Share this Article
To some, selling your New York apartment solo is akin to performing a root canal on one's own mouth. Better leave it to the experts. Not so for entrepreneur and semi-professional race car driver Alan Wilzig, who generated considerable noise when he recently put his Tribeca townhouse on sale for $43.5 million. He is marketing the place himself—known as a FSBO, pronounced fizz-bo and short for "for-sale-by-owner"—and also as an "open listing," meaning that any broker is free to publicize the place, but he hasn't hired one to represent him exclusively. Needless to say, most sellers with eight-figure homes don't go this hybrid route.
The buzz probably also had something to do with Wilzig, a former banker who was briefly portrayed in "The Wolf of Wall Street," and the home itself. Attached to a condo tower, it's a 7,500-square-foot, three-level, six-bedroom spread with bulletproof windows, alligator handrails, a 64-color lighting system, and a 14-foot aquarium filled with white butterfly koi. We spoke to Wilzig, who enlightened us on why he opted not to hire a broker, the feedback he's gotten from real estate professionals, and what he'll miss most about his dream home:
You and your wife, Karin, a jewelry designer, paid about $4.5 million for the place in 2003 and added $1.5 million in renovations. How did you arrive at the asking price?
It’s a combination of what [comparable] single-family residences are selling for or asking, and similarly what people are paying for penthouses. [Wilzig used listings services like StreetEasy for research.] We consider this one of the few townhouses that someone who would otherwise be a penthouse buyer would consider. It has artisanal details, it’s on the street level and not hidden away in a condo tower, with a 2,500-square-foot roof deck and a 1,000-square-foot backyard patio. If we don’t get a fair price we are no under pressure to sell it, it will be more of a pied-a-terre than we need.
Why sell without a broker?
I didn’t list it myself because I am anti-broker. I am expecting and thrilled to pay a commission [to the buyer's broker]. But I spent my whole life either studying or practicing marketing and no one knows the house better than me. It would take me 30 days to teach even the best broker the elements of the house, the different components and how they were built, so it’s easier for me to be part of the process. We bought the home because we wanted the safety net of being connected to the Hubert [condo tower] services, the security, snow shoveling, all of it. So I’m a hybrid lister of a truly hybrid home!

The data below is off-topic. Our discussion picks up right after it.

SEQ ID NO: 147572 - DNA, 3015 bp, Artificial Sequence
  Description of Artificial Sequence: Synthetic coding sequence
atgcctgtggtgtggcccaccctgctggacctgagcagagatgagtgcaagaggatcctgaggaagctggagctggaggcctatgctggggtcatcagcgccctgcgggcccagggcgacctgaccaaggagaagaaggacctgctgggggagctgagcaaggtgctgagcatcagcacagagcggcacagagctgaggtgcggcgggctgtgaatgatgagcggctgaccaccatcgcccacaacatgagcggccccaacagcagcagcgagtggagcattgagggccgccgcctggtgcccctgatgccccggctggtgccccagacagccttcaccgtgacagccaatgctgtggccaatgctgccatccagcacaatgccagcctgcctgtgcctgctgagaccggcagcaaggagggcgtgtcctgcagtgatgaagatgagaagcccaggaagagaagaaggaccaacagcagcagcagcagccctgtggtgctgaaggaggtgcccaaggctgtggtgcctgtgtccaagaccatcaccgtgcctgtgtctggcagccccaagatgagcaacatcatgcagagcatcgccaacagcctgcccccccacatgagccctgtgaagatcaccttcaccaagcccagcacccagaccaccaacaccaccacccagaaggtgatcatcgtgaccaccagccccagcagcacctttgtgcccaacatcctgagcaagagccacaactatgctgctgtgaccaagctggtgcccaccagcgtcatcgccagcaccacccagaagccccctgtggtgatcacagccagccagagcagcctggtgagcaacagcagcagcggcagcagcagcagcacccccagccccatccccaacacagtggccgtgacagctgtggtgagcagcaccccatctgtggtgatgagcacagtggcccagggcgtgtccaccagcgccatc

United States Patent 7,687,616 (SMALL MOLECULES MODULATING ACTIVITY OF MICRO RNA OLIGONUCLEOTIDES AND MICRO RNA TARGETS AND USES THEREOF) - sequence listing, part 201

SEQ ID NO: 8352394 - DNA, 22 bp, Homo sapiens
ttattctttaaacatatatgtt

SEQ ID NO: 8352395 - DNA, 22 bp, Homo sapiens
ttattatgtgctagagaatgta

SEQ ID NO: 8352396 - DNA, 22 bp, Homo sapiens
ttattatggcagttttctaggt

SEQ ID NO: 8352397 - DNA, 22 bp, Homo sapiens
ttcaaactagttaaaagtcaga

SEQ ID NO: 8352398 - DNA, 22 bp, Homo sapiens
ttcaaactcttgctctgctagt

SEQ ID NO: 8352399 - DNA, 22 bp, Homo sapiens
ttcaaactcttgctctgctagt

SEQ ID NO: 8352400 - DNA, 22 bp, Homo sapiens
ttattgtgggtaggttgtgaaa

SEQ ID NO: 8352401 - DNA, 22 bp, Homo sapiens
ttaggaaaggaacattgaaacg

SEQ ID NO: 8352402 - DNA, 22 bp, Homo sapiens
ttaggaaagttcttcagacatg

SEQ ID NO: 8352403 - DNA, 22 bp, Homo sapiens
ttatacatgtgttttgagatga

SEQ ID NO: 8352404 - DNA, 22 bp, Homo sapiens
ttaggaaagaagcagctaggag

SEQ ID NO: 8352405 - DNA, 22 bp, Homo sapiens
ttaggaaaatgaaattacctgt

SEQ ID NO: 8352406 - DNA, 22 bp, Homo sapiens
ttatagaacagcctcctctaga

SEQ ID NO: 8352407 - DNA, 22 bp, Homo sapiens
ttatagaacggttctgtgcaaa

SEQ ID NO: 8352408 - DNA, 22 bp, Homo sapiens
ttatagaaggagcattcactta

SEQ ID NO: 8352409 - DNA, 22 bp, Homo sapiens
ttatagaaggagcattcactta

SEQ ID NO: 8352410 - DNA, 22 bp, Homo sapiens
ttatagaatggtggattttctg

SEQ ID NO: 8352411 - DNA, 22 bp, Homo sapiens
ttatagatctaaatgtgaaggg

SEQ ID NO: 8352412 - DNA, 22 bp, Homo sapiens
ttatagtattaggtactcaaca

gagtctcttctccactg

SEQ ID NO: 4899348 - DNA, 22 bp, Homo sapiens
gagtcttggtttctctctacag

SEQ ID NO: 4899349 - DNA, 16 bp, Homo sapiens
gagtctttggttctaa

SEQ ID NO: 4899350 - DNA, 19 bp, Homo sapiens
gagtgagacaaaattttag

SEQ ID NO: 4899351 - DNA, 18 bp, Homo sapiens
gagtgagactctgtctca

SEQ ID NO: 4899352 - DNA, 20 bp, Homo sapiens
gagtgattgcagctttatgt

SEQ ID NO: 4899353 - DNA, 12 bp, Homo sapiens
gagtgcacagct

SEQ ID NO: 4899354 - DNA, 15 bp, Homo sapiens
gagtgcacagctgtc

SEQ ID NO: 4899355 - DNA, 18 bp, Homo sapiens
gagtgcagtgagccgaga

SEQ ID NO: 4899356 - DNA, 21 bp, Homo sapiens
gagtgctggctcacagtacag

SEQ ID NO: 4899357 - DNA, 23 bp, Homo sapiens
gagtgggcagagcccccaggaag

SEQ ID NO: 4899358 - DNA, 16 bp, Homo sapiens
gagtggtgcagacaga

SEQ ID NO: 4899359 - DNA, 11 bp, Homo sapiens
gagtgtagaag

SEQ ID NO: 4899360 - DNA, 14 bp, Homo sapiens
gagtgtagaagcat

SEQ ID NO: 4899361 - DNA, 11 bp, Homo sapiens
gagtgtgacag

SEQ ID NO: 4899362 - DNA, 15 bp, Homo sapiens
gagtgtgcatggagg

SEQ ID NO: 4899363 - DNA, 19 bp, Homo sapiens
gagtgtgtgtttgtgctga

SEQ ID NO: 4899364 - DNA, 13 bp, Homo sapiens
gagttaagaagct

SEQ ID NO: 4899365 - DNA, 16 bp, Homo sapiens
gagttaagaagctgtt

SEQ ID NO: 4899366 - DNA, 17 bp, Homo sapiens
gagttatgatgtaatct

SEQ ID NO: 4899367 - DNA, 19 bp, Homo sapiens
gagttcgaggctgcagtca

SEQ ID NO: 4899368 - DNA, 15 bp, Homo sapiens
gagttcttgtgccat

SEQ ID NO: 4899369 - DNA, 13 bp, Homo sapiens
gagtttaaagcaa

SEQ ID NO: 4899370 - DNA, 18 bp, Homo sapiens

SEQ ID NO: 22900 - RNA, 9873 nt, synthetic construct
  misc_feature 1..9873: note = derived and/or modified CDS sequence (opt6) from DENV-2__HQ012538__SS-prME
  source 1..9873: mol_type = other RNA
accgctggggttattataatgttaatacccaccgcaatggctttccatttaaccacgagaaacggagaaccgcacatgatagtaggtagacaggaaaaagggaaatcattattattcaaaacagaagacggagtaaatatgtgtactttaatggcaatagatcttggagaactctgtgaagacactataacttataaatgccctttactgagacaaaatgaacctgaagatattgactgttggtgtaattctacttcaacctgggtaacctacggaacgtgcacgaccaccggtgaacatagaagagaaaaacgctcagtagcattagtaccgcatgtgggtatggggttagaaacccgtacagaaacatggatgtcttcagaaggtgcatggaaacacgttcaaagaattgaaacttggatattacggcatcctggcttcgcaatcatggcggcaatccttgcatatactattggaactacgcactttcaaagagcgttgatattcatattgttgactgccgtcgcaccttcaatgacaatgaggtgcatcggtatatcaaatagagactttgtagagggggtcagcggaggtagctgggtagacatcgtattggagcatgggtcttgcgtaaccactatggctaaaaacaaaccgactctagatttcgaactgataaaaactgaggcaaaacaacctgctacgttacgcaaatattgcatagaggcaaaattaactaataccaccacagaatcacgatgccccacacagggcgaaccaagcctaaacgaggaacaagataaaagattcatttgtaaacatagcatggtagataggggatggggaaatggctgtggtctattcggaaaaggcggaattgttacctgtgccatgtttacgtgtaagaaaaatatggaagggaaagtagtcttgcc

Are you enjoying the process?
I really am. The New York real estate professional community is as diverse and interesting as New York itself. So people who have come through here, whether they have 20 minutes or 20 years in real estate, they all appreciate the place and it’s not just out of politeness.
What has been their reaction?
They all came in astonished because the home didn’t look like those over-lit photos [that went with the listing originally]. Those were shot for a lighting magazine and were super saturated. [Wilzig has since posted new photos of the home shot in daylight.] We also just filmed a video tour to show it exactly as it presents in real life, a warm wood, neutral palette, modern family home.
Who is the likely buyer?
Something this large and lavish could serve as pied-a-terre for someone who is so fabulously wealthy they have six trophy homes around the world and don’t care what they cost. If you want to live in the Louis XV style, it’s not for you, but if you like contemporary architecture, it is pretty much pleasing to all.
Any offers yet?
In the two weeks since the listing went live, 24 brokers have come through, and 22 more have appointments coming up. I have had one offer for $31.5 million from a foreign buyer [which he turned down]. We will see the interest, but this is early in the process.
What's the biggest selling point?
It’s one of four or five marquee properties in Tribeca. It’s a townhouse of the future, with the overall home automation and lighting design. All the technology is up to date. I did build it to entertain and we have done that, though the first time the house went blue was for the bris of my son, and it went pink for my daughter’s birthdays.
Why leave now?
We have a 274-acre farm upstate [near Hudson, N.Y.] and it’s a very special place for us. [The 1860s farmhouse comes with a professional-scale 40-foot-wide racetrack and a lake.] This year we spent a lot of time at the farm … and we realized we wanted to live up there. So it wasn’t primarily a business decision. We will be looking for a loft in the city, most likely in Soho.
Is today's hot real estate market also a consideration?
There is an element of favorable market conditions. While no one who is savvy when it comes to real estate expects to get their asking price, I estimate the price will end up being north of $35 million. But who knows, we will see what happens with 2 North Moore [currently listed at $48 million].
What will you miss about the townhouse?
I will miss nearly everything. I know we will never live like this in Manhattan again, but I am ready for the change.